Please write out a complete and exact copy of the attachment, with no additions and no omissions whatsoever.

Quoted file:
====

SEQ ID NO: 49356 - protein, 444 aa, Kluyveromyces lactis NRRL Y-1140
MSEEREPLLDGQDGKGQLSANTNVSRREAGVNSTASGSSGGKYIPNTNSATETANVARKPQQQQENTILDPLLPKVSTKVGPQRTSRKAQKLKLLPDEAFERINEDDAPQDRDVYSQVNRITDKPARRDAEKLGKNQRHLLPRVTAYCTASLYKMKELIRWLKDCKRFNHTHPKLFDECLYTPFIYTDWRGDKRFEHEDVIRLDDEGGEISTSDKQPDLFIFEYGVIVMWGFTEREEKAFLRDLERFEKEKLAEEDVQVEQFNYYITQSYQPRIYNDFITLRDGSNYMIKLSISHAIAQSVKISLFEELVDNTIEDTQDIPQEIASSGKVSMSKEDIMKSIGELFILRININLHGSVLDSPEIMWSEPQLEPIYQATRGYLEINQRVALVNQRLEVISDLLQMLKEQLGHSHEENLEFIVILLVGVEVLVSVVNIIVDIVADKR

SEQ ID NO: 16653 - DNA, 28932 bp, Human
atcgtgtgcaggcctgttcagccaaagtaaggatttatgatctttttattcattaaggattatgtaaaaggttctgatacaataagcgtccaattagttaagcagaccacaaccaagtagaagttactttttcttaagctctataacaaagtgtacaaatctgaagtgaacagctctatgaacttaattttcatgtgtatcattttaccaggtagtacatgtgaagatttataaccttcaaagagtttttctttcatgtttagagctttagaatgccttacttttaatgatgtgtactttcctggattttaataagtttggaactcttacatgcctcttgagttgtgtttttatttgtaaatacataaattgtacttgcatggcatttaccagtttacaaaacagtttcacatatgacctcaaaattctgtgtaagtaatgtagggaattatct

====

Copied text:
SEQ ID NO: 49356 - protein, 444 aa, Kluyveromyces lactis NRRL Y-1140
MSEEREPLLDGQDGKGQLSANTNVSRREAGVNSTASGSSGGKYIPNTNSATETANVARKPQQQQENTILDPLLPKVSTKVGPQRTSRKAQKLKLLPDEAFERINEDDAPQDRDVYSQVNRITDKPARRDAEKLGKNQRHLLPRVTAYCTASLYKMKELIRWLKDCKRFNHTHPKLFDECLYTPFIYTDWRGDKRFEHEDVIRLDDEGGEISTSDKQPDLFIFEYGVIVMWGFTEREEKAFLRDLERFEKEKLAEEDVQVEQFNYYITQSYQPRIYNDFITLRDGSNYMIKLSISHAIAQSVKISLFEELVDNTIEDTQDIPQEIASSGKVSMSKEDIMKSIGELFILRININLHGSVLDSPEIMWSEPQLEPIYQATRGYLEINQRVALVNQRLEVISDLLQMLKEQLGHSHEENLEFIVILLVGVEVLVSVVNIIVDIVADKR

SEQ ID NO: 16653 - DNA, 28932 bp, Human
atcgtgtgcaggcctgttcagccaaagtaaggatttatgatctttttattcattaaggattatgtaaaaggttctgatacaataagcgtccaattagttaagcagaccacaaccaagtagaagttactttttcttaagctctataacaaagtgtacaaatctgaagtgaacagctctatgaacttaattttcatgtgtatcattttaccaggtagtacatgtgaagatttataaccttcaaagagtttttctttcatgtttagagctttagaatgccttacttttaatgatgtgtactttcctggattttaataagtttggaactcttacatgcctcttgagttgtgtttttatttgtaaatacataaattgtacttgcatggcatttaccagtttacaaaacagtttcacatatgacctcaaaattctgtgtaagtaatgtagggaattatct